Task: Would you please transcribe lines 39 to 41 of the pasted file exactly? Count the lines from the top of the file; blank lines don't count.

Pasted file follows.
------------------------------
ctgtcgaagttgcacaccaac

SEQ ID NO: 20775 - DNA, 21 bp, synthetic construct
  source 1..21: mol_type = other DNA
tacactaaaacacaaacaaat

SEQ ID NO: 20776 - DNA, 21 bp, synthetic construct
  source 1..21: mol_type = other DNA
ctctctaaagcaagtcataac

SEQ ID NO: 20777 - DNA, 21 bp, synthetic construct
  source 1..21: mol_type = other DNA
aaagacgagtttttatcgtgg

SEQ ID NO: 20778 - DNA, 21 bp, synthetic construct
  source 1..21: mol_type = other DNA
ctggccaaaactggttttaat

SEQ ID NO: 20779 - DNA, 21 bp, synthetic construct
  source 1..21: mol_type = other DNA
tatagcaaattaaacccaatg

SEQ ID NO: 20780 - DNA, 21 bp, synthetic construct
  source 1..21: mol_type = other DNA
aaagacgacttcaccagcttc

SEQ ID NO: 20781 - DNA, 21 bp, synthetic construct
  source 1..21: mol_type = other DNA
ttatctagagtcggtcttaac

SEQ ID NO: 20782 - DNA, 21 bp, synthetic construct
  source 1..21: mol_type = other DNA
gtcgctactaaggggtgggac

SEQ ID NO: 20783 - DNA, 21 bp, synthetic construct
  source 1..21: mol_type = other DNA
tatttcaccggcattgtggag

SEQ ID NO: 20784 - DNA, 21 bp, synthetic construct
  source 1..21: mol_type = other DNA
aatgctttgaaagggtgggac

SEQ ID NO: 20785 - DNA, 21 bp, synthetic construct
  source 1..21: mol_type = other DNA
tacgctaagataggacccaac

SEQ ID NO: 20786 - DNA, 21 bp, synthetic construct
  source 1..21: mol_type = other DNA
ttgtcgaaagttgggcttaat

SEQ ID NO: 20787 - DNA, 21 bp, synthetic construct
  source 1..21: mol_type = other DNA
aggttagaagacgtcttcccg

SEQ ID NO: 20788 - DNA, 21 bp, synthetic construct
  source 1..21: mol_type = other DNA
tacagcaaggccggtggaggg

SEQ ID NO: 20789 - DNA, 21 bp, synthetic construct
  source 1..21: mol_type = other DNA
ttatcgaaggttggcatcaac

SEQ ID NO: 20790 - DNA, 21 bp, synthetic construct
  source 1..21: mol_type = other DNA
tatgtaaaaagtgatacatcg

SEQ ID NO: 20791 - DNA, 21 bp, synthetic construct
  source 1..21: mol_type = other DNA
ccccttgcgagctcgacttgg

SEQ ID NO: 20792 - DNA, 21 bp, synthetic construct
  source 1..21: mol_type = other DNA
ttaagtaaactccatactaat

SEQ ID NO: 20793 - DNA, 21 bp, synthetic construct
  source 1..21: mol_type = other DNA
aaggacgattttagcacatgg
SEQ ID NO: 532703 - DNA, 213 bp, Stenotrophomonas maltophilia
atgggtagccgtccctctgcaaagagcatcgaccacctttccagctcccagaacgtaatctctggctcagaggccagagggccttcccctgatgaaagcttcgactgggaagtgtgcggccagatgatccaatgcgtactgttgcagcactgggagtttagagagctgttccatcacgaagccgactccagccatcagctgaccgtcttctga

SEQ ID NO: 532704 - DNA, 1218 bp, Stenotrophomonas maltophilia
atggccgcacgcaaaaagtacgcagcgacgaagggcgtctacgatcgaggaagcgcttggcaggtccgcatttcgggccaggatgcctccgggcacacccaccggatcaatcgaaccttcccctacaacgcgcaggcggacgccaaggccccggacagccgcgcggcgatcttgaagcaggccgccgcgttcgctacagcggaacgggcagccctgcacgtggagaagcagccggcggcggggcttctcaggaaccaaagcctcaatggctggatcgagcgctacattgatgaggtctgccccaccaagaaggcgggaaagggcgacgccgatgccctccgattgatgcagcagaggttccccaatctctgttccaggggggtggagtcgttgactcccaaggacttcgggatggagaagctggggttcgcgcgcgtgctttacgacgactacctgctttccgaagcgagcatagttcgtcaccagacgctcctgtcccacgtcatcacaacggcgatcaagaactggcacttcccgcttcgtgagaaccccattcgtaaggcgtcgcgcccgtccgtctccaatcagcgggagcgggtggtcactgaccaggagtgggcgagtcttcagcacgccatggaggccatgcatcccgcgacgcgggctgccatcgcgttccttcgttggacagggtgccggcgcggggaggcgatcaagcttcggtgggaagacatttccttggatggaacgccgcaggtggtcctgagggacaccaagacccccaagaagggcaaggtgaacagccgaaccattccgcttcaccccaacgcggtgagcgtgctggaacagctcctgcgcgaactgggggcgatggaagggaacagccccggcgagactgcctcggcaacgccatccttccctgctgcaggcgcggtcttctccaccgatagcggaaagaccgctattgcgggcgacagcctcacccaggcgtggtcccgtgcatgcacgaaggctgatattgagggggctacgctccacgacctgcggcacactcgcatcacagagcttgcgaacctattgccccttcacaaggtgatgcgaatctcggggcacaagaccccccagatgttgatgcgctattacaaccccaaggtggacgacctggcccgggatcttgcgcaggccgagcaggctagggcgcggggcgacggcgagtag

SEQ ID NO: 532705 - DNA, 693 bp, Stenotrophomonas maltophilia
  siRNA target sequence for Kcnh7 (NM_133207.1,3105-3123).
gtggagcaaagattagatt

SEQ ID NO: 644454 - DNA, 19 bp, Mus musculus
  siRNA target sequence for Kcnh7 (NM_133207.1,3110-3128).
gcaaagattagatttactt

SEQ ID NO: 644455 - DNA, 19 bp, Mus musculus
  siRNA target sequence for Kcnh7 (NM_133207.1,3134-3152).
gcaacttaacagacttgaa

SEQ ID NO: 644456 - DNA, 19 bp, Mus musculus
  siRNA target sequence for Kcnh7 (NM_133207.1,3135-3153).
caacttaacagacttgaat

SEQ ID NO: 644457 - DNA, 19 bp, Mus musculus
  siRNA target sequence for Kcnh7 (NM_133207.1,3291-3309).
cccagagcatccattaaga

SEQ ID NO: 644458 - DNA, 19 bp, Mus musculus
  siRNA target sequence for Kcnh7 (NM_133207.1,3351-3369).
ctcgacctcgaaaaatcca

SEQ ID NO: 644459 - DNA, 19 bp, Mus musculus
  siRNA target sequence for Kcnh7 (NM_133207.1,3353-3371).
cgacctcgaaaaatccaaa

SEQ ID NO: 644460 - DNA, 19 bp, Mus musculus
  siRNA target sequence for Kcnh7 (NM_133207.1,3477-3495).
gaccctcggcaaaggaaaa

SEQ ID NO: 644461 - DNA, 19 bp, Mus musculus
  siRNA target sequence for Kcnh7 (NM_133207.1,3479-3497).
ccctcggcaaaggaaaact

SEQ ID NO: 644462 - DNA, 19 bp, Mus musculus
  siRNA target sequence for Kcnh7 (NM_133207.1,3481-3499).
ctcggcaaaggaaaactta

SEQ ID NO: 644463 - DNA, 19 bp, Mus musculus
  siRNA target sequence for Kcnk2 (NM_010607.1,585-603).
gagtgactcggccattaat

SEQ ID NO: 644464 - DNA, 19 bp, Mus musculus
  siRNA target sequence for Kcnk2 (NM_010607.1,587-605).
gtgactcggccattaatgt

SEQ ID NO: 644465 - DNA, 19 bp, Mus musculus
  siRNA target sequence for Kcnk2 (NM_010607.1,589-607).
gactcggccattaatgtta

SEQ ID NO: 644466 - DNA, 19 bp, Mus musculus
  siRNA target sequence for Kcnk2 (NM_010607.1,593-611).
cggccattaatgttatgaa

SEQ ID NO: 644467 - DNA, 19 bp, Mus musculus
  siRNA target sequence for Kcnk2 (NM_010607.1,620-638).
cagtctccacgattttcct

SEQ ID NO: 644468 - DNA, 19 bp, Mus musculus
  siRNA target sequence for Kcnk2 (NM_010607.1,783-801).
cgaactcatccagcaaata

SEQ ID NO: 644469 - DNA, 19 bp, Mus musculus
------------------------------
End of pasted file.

  source 1..21: mol_type = other DNA
aggttagaagacgtcttcccg

SEQ ID NO: 20788 - DNA, 21 bp, synthetic construct